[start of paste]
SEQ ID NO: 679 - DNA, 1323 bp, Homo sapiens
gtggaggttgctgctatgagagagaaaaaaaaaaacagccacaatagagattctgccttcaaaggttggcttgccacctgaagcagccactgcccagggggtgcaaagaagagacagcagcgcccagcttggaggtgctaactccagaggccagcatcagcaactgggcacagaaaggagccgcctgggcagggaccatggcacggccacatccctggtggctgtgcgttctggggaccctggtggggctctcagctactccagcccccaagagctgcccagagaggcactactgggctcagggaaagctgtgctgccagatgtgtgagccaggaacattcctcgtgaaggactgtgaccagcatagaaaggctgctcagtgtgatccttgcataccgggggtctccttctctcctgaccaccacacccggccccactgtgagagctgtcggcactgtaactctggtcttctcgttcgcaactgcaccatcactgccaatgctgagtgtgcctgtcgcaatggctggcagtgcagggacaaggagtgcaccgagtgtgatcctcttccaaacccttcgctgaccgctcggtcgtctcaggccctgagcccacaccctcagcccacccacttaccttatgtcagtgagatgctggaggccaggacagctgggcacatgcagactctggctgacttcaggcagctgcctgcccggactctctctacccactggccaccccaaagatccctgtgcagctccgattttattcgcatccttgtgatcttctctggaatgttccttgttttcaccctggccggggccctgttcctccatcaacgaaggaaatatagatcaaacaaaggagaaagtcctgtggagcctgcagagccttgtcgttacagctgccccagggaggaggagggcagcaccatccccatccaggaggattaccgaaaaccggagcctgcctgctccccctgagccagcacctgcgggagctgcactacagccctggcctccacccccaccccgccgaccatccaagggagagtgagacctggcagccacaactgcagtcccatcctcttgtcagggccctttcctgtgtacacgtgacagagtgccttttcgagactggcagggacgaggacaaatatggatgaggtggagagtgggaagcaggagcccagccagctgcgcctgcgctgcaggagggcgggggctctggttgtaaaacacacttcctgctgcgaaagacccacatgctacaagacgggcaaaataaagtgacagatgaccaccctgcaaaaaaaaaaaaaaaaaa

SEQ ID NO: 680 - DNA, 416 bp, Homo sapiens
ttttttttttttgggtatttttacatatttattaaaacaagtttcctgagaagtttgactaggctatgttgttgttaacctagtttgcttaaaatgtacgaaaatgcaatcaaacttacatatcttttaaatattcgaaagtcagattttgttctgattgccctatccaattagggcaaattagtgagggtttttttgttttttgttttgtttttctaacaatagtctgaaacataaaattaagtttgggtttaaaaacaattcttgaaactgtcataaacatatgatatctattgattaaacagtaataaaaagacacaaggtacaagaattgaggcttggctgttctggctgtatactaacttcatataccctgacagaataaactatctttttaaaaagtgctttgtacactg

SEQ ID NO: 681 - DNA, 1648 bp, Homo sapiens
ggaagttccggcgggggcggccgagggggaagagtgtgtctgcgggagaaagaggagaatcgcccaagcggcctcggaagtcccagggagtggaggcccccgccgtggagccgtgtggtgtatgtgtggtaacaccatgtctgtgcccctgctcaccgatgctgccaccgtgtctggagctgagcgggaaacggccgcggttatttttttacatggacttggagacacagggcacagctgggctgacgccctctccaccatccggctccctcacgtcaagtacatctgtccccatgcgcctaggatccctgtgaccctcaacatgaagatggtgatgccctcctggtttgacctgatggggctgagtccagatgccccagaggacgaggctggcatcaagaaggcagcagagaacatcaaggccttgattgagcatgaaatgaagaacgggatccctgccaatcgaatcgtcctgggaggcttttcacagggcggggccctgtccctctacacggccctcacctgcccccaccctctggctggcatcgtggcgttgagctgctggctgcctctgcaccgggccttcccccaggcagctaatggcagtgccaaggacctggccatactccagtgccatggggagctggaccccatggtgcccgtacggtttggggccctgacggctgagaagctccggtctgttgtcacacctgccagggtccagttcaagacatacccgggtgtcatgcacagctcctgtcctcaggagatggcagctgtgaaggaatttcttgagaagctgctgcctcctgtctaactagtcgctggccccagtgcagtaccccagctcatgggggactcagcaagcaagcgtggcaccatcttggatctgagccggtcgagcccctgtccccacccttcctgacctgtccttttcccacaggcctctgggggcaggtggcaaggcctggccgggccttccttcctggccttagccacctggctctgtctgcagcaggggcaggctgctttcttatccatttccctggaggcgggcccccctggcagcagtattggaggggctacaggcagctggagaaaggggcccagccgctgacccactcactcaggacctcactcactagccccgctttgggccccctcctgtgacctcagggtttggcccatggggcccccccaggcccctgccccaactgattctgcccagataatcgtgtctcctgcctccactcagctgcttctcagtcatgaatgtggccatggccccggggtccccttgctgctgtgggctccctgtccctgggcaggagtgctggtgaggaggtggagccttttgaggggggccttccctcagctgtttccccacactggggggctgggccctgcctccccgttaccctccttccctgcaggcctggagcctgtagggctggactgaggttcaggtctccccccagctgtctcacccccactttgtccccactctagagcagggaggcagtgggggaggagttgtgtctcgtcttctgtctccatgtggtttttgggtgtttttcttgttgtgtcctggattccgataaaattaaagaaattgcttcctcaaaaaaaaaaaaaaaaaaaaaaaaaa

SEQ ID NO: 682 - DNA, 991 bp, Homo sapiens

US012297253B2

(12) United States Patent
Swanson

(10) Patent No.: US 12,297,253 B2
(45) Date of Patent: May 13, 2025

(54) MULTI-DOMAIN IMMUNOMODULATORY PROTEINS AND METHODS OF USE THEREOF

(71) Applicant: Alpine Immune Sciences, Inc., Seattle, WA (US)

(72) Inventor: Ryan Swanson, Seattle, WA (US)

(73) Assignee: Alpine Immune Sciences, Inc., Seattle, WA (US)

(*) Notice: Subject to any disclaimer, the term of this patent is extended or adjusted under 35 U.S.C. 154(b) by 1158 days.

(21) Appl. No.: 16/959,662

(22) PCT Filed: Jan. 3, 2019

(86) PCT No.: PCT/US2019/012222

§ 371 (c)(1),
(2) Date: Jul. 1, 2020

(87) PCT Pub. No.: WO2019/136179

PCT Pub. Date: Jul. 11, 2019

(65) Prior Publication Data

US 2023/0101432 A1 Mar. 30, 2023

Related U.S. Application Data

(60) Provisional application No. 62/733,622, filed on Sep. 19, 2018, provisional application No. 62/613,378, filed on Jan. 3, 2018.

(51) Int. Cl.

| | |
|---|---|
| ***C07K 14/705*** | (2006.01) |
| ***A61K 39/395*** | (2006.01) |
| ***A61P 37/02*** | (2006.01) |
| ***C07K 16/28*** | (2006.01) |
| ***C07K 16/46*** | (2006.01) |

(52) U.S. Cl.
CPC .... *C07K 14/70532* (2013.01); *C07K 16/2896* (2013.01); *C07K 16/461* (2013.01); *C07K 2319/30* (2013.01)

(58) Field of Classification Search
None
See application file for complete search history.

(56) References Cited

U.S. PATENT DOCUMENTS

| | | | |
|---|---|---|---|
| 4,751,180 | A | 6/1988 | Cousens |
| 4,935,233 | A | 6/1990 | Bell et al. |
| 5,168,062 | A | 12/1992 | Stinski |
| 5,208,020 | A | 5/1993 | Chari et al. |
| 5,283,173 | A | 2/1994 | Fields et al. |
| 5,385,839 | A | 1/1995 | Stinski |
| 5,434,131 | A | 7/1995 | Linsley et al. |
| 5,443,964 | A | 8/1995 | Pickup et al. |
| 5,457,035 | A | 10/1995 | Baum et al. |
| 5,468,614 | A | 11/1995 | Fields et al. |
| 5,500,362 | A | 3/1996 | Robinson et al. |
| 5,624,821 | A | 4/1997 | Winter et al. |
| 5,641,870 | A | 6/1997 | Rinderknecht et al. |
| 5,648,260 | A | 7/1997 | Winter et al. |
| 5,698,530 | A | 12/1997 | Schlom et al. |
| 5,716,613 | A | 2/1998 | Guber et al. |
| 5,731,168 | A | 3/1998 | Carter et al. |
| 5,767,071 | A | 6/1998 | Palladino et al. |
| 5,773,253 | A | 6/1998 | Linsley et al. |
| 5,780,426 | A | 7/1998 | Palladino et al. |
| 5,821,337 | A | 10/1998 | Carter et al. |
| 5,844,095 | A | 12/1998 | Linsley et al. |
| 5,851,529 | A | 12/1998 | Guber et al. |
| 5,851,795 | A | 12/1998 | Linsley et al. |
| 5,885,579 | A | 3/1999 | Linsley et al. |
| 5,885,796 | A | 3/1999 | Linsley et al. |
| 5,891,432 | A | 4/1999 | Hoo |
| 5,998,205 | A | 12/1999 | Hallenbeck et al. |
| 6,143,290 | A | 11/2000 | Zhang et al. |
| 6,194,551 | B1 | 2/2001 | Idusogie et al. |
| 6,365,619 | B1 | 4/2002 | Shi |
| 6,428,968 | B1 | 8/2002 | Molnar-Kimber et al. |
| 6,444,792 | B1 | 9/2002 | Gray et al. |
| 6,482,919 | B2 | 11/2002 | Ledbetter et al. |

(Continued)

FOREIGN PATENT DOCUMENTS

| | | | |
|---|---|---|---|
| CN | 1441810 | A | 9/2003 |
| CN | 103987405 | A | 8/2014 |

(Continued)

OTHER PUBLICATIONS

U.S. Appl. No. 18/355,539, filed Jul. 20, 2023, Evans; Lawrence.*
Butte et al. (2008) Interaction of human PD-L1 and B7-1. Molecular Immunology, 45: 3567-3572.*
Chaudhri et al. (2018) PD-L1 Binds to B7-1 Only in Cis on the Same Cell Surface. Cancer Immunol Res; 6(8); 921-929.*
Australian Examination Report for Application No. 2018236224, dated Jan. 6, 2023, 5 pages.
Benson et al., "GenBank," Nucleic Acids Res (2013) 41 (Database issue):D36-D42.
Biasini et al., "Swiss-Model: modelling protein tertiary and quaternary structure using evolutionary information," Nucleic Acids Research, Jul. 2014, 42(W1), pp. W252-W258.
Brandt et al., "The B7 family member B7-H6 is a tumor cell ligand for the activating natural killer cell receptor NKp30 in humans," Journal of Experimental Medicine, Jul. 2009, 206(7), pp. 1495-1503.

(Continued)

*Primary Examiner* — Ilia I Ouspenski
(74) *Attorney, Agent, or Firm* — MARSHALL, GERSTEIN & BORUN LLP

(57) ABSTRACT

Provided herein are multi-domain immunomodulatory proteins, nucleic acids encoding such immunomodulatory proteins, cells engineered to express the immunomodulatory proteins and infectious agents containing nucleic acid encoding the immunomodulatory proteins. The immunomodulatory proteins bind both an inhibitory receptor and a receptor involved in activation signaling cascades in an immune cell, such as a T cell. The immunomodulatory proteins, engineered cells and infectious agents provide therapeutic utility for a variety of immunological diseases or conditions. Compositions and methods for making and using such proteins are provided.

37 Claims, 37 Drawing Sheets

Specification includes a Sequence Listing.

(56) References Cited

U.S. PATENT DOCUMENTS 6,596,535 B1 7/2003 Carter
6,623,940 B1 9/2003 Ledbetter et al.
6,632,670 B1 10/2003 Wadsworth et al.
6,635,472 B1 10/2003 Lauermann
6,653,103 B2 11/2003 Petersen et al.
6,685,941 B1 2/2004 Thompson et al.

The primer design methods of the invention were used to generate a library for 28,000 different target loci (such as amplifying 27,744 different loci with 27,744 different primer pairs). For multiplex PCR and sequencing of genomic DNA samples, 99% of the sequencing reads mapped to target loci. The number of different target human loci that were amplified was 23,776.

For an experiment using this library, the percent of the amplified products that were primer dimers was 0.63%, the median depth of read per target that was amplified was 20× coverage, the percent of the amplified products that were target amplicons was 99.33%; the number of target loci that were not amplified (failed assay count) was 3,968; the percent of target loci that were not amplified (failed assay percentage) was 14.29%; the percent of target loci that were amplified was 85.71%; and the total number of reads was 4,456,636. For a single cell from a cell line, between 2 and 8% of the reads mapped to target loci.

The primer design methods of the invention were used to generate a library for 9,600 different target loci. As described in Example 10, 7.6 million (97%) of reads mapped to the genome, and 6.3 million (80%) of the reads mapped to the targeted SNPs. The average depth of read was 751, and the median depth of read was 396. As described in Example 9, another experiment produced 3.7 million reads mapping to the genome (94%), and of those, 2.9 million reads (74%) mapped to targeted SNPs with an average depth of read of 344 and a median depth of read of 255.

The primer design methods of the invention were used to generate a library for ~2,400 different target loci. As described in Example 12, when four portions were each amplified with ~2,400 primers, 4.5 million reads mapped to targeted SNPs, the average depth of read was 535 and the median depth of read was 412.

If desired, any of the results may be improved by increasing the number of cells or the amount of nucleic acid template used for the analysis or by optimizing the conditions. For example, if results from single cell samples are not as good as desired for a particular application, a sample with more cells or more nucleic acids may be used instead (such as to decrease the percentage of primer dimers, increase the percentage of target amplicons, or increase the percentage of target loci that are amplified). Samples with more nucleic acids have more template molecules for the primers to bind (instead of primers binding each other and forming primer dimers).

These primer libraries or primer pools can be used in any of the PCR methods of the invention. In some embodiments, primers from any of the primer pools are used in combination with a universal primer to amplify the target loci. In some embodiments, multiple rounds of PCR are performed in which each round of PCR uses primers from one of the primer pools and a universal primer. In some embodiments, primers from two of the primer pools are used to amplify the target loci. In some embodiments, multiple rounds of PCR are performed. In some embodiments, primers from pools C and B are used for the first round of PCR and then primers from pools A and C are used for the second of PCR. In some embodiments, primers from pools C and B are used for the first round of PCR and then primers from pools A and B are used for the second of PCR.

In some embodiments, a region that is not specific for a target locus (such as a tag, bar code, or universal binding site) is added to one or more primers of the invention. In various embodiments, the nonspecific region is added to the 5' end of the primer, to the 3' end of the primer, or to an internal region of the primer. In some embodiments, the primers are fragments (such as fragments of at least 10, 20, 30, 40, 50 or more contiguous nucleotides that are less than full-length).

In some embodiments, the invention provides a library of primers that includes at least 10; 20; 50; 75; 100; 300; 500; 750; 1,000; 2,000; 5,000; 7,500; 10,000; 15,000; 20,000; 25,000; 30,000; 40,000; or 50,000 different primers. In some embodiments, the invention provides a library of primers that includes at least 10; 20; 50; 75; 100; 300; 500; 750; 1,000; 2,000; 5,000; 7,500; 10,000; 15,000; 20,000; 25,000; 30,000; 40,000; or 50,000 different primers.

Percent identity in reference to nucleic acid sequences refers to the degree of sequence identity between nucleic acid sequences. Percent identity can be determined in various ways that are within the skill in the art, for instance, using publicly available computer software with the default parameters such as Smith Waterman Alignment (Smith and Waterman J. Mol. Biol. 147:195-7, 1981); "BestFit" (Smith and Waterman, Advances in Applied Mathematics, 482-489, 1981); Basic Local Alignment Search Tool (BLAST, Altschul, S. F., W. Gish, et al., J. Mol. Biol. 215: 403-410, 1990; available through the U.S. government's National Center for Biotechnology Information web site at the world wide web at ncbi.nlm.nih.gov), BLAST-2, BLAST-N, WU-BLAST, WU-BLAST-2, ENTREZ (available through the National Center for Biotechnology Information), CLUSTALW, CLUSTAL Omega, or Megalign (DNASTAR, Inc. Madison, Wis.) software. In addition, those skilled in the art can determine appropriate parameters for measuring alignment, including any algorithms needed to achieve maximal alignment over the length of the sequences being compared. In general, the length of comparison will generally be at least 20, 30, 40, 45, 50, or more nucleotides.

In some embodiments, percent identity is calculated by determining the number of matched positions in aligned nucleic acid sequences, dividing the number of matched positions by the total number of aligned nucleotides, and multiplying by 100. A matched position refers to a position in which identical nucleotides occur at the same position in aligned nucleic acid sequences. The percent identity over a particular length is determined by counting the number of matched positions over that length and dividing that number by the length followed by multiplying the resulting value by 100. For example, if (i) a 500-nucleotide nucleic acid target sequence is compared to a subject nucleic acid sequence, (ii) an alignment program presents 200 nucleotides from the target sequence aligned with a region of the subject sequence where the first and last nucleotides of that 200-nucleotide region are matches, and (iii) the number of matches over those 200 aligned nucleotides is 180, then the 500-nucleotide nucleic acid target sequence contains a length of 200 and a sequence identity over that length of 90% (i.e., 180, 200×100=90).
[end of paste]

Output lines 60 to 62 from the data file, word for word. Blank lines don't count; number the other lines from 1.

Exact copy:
| 5,698,530 | A | 12/1997 | Schlom et al. |
| 5,716,613 | A | 2/1998 | Guber et al. |
| 5,731,168 | A | 3/1998 | Carter et al. |